The BAT and the XRT onboard Swift satellite (Gehrels et al., 2004) are powerful detectors for the discovery and observation of transient astronomical objects. Initial detections and localizations of 120521C and 130606A were also performed using the BAT (Baumgartner et al., 2012; Ukwatta et al., 2013). Both detectors provide detailed time-resolved temporal information compared with the WAM by using BAT trigger data and XRT windowed-timing (WT) mode data. In addition, in-depth follow-up observations with the XRT provided the long-term light curves of GRBs. BAT and XRT spectra cover bandpasses of 0.5–10 keV and 15–150 keV, respectively.
This paper presents the temporal and spectral analyses of a part of the prompt emission of the GRBs. First, we used the reprocessing tools batgrbproduct for the BAT trigger data sets and xrtpipeline for the XRT WT data. Second, we employed batbinevt and batdrmgen to extract the BAT energy spectra and generate these response matrices, respectively. For the spectral analyses of the XRT, we used xselect to accumulate XRT energy spectra. We then extracted the source and background spectra within 20 pixels from the center of the location of the GRB and between 20–40 pixels, respectively. We used a response matrix “swxwt0to2s6_20130101v015.rmf,” which is available from the calibration database CALDB, and generated an ancillary response file by using xrtmkarf. In the following spectral analyses, we fixed the flux normalization of the BAT to 1, and maintained the factor of the WAM and XRT as a free parameter.
By using the three instruments simultaneously, we achieved four orders of broadband joint spectral fitting within an energy range of 0.5 keV–5 MeV, which is more advantageous for determining such spectral characteristics compared with the individual use of these instruments.
3 Observations and Results
To perform the spectral analyses on high-redshift GRBs, we listed seven high-redshift GRBs, as shown in Table 1 (GCN circulars111http://gcn.gsfc.nasa.gov and GRB big data table222http://www.mpe.mpg.de/ jcg/grbgen.html). All listed GRBs triggered the BAT and were localized by it. Previous spectral studies on four GRBs (050904, 080913, 090423, and 140515A) have reported the and values (Sugita et al., 2009; Yonetoku et al., 2010; von Kienlin, 2009; Melandri et al., 2015), although the two characteristics (except for 050904) were derived under the assumption of one or two model parameters of the Band function (Band et al., 1993) of or , or by using a power-law (PL) with an exponential cut-off (PLE) model. Because of the broadband spectrum between the BAT and WAM, Sugita et al. (2009) successfully determined the two characteristics for 050904 without the requiring the aforementioned assumption.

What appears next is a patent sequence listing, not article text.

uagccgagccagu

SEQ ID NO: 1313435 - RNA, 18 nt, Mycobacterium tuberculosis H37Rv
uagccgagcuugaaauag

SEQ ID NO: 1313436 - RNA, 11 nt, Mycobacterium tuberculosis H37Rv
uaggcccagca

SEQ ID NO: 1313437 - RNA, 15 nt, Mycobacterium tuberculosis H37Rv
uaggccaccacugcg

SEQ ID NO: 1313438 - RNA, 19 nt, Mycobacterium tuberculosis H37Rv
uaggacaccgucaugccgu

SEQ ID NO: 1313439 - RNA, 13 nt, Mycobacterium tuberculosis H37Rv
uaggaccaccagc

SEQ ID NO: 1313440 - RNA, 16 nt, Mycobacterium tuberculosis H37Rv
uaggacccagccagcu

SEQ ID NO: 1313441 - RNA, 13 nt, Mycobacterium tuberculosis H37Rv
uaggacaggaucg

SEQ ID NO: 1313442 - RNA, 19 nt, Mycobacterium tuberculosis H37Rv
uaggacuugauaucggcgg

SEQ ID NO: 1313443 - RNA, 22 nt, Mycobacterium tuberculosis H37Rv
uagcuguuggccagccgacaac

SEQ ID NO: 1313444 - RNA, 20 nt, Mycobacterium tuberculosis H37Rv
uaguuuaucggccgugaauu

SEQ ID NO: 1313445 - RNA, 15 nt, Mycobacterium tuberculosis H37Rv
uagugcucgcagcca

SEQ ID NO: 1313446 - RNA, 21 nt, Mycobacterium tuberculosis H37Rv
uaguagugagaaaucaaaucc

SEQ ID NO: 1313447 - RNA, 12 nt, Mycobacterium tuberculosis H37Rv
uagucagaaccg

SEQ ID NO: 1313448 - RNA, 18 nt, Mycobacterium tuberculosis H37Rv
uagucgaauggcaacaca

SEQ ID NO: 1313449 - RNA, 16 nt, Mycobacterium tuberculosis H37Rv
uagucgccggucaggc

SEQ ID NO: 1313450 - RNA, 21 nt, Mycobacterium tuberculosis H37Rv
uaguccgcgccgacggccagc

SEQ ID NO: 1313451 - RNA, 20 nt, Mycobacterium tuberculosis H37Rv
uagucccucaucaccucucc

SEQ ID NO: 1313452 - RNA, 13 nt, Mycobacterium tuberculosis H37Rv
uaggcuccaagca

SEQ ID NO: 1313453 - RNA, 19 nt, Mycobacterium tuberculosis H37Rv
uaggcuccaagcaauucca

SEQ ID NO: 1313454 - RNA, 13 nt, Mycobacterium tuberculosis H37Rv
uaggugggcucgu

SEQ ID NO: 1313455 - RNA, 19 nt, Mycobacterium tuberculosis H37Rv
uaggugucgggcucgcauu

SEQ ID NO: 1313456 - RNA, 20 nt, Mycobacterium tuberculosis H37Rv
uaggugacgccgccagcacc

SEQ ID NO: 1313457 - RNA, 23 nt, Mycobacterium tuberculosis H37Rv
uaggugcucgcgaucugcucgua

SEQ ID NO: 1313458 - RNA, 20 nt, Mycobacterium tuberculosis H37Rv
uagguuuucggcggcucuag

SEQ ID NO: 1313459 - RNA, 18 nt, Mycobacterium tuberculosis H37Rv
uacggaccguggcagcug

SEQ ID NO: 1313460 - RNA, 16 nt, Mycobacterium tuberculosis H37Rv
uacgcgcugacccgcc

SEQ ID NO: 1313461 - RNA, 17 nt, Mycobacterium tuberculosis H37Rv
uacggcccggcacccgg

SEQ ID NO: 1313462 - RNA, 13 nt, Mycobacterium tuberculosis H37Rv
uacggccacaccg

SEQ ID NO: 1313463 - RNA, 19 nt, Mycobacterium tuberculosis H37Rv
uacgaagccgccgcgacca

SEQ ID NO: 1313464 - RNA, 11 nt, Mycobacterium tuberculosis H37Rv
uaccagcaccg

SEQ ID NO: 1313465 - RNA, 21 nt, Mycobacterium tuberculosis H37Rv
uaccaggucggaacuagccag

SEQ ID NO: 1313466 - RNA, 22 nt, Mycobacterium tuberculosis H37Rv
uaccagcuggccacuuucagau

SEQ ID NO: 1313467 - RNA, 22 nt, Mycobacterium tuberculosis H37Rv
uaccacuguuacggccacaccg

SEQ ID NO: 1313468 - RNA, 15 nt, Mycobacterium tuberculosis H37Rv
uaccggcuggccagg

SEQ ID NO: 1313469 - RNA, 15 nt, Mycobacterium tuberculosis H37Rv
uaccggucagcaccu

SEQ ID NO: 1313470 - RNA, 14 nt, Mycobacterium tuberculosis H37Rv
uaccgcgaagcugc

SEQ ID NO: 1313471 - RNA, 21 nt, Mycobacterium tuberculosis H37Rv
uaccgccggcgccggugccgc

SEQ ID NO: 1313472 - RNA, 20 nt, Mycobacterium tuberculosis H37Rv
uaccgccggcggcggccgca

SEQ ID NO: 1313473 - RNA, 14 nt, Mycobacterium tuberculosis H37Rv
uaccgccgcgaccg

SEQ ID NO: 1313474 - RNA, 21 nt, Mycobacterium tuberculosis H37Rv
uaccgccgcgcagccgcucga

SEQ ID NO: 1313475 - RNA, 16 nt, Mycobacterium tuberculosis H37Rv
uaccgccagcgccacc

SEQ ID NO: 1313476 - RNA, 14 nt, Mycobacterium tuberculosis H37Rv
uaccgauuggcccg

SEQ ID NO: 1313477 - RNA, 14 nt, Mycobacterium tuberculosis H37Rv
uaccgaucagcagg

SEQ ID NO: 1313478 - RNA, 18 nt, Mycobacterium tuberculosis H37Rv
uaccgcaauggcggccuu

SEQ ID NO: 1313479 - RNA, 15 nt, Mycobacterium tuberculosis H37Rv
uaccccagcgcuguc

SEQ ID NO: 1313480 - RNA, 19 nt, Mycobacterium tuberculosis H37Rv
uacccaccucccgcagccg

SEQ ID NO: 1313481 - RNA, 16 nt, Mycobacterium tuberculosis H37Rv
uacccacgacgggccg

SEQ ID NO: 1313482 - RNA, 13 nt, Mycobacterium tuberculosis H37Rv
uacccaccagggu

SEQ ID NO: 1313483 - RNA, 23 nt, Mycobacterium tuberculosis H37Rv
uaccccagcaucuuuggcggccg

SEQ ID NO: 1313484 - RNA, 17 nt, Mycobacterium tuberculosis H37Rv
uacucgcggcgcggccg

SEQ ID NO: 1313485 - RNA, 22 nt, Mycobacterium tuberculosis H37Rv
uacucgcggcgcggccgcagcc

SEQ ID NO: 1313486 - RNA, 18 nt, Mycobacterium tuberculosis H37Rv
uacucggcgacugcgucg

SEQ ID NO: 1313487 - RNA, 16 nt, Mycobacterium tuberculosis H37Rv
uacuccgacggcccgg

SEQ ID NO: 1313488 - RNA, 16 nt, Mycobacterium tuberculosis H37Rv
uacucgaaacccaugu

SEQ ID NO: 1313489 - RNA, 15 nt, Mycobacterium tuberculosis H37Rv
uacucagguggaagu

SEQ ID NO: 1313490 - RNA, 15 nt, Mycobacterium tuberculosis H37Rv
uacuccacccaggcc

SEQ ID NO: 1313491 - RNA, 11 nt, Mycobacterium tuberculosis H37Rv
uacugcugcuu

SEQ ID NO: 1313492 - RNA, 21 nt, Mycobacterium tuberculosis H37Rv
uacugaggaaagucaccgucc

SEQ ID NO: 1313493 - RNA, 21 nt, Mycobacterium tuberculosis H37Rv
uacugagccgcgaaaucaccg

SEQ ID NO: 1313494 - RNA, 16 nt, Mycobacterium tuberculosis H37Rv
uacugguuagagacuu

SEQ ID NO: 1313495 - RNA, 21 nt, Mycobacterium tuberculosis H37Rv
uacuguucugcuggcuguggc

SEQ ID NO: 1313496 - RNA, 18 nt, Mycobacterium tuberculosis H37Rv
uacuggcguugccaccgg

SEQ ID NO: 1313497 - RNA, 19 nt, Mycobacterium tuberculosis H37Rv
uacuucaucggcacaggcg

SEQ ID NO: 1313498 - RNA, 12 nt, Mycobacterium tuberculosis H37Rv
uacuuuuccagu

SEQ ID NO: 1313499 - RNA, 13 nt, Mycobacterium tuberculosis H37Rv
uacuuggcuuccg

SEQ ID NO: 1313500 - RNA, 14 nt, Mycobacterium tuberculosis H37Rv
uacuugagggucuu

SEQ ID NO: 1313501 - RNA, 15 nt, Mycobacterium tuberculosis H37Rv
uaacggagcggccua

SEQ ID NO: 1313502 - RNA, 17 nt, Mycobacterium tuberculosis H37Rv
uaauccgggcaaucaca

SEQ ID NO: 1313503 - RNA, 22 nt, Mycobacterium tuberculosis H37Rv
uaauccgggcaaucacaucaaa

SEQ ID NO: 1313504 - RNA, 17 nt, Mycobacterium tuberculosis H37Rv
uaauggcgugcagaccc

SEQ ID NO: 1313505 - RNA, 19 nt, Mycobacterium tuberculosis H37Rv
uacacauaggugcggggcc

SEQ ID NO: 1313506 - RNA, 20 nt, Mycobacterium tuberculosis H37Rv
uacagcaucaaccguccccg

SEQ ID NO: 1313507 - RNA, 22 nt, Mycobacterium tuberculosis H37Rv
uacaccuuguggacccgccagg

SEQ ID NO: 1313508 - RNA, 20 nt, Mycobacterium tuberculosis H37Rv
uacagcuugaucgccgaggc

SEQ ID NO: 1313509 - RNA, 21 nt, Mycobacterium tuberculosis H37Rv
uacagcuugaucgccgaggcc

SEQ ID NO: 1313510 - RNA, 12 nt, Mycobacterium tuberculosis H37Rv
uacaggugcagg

The 090429B recorded a photometric redshift of (Cucchiara et al., 2011), which is the greatest distance observed among GRBs to date. However, only Swift satellite observed its prompt emission, and the two spectral characteristic parameters have not been determined because of the limited bandwidth (Cucchiara et al., 2011). Regardless, the remaining two GRBs, 120521C and 130606A were successfully simultaneously observed with the WAM and BAT. We conducted the broadband spectral analyses as follows:
The BAT triggered 120521C (Baumgartner et al., 2012; Markwardt et al., 2012) on May 21, 2012, at 23:22:07.703 (UT) (, hereafter), and localized its position at (RA, Dec)(J2000) = (14h17m09s, + 42 d 07’ 23”) Afterglow emissions of the GRB were successfully observed in multi-wavelength from radio, near infrared, optical to X-ray, and a jet-break time of d was revealed also in Laskar et al. (2014). According to the paper, a jet opening angle rad, a beaming-corrected kinetic energy erg, and a corrected radiated gamma-ray energy erg were derived using Markov Chain Monte Carlo analysis. Then its redshift was estimated z . However, the energies (1 keV–10 MeV) were calculated from only observed BAT spectrum (15-150 keV). Therefore, more broader bandpass spectrum than that of only the BAT is important to reveal the energetics.
3.1.1 Light Curves of 120521C